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Loss of human interaction in the bagging area

For many elderly people who live alone a supermarket is a place where they can have a friendly chat - but with self-service check-outs, there's no time to talk

25 May, 2017 — By John Gulliver

At the checkout in M&S West Hampstead on Tuesday

THEY’RE doing away with people – or staff – at supermarkets.

You have seen the first signs no doubt at the growing lines of self-service checkouts now installed at most supermarkets.

But Amazon have gone one step further. They’re planning to abolish checkouts altogether.

They have just made their intentions clear with the UK Intellectual Property Office – and have also released a video (below) which shows shoppers taking what they want, and then simply walking out with it. They are then billed through cameras and sensors that track their every move.

It makes sense financially for the supermarkets. Machines don’t need wages, holiday or pensions.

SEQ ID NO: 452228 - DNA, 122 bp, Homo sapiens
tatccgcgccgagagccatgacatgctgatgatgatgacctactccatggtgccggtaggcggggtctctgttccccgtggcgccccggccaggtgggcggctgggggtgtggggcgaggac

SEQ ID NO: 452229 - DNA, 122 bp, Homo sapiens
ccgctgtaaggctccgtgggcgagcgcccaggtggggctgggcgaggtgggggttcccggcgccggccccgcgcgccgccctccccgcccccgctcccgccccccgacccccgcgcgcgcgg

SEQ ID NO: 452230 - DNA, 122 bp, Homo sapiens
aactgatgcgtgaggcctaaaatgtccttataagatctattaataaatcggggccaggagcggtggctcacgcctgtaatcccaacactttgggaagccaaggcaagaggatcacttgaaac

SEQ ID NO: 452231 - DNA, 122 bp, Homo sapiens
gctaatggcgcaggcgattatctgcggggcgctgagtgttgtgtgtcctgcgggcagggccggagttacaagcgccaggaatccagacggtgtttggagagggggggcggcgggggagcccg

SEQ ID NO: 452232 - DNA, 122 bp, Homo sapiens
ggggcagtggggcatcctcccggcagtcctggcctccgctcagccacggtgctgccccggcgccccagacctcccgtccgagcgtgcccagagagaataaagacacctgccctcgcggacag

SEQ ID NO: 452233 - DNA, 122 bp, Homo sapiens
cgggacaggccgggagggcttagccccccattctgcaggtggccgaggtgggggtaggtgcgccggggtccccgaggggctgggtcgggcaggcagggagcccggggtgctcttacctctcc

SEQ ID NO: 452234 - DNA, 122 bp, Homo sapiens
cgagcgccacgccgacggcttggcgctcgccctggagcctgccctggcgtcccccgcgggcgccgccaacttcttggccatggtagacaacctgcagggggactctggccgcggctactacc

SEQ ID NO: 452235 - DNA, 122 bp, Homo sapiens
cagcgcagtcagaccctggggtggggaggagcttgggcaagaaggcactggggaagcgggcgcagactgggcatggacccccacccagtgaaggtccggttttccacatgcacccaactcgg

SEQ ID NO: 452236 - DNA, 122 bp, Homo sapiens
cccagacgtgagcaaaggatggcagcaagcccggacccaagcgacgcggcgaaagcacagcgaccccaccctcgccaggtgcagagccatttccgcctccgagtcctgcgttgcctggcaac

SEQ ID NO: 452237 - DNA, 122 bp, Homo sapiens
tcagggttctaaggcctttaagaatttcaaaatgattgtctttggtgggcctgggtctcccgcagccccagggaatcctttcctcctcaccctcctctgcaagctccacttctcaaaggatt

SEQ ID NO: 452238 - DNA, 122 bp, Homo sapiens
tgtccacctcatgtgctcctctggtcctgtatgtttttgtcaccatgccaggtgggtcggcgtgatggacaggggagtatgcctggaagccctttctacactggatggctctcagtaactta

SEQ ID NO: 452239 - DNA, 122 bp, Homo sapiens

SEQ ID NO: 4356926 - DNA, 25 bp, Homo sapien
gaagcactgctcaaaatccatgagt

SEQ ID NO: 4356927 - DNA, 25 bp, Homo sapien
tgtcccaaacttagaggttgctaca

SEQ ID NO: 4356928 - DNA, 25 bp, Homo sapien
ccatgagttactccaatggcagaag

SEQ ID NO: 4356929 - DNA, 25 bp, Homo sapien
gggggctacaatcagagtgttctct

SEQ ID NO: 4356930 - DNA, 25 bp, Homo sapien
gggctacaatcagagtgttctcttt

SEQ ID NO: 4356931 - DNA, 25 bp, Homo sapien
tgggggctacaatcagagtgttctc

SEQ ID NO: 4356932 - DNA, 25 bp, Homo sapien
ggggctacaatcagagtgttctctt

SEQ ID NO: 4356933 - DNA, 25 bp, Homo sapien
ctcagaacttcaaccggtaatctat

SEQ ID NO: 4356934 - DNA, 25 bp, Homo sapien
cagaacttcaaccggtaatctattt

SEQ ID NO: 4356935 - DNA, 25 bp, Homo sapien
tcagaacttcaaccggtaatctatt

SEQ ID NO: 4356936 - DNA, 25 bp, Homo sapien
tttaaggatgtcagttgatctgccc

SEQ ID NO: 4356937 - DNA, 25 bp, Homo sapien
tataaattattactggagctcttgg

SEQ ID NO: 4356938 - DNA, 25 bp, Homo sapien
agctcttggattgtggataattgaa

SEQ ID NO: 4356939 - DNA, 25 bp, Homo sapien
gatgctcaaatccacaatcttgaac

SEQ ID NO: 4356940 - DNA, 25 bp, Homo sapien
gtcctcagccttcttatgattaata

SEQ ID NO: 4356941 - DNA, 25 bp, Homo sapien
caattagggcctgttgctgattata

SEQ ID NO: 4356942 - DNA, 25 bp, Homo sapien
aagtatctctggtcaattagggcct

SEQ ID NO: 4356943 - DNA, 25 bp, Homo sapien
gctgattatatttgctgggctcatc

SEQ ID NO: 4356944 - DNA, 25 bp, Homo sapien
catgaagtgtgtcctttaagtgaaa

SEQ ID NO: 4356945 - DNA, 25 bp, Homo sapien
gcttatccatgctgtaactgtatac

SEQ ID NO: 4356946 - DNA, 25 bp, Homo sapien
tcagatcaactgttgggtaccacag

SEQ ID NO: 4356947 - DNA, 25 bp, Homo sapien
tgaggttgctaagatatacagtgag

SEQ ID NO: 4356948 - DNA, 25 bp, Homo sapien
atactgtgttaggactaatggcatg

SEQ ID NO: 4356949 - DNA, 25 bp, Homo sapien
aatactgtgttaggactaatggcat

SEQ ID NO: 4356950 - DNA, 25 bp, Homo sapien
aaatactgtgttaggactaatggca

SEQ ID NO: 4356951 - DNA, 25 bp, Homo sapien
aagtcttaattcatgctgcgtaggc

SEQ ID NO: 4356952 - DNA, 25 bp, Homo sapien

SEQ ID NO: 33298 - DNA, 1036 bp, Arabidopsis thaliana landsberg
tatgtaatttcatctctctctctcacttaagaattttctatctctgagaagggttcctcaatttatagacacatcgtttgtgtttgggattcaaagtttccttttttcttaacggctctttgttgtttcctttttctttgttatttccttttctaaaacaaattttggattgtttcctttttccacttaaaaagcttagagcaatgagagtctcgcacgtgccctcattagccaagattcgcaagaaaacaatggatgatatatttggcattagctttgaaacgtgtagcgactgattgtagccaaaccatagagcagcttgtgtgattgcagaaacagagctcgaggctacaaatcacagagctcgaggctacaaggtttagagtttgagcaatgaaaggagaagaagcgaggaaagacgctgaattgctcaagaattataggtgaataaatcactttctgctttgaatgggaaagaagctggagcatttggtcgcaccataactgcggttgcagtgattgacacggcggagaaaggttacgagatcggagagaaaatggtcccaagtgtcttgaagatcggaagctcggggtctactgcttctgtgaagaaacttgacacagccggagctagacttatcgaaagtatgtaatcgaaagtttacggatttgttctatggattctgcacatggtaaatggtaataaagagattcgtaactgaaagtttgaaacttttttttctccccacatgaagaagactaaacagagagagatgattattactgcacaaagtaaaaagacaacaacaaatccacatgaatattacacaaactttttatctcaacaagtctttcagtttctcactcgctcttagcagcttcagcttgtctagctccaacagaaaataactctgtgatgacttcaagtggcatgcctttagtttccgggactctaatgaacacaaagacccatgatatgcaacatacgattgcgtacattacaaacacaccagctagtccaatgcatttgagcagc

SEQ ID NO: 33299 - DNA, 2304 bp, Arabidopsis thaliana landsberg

In the meantime, M&S’s new store in West Hampstead has gone further than other supermarkets. Their customers can use only self-service check-outs. When I dropped by the store on Tuesday evening I got the impression all the customers were young – and single.

But where were the oldies? Not a sign. I saw an operative helping an elderly man – the only one in the shop – to bag his wares. She told me that few elderly use the shop because it is entirely self-service. I assume they use the other supermarkets in West End Lane but M&S don’t seem to mind the loss of custom.

Apparently, Saga reported a surge of complaints from older people about a loss of “human interaction”. Oddly enough, for many of the elderly who live alone a supermarket is a place where you can have a friendly chat, and break the loneliness of the day. There are also the irritating slip-ups while scanning, though the quality of machines differ in each supermarket chain.

But don’t think Amazon isn’t on its way. It is, I’m sure. I recall the very first self-service shops in the 1960s and the death of so many local retailers. Within 10 years the supermarkets had arrived.

While it is assumed the elderly and the world of hi-tech and the internet don’t mix, that too is changing. Recent analysis shows that 70 per cent of the elderly now use the internet. How long will it take before they feel at home with self-service checkouts?


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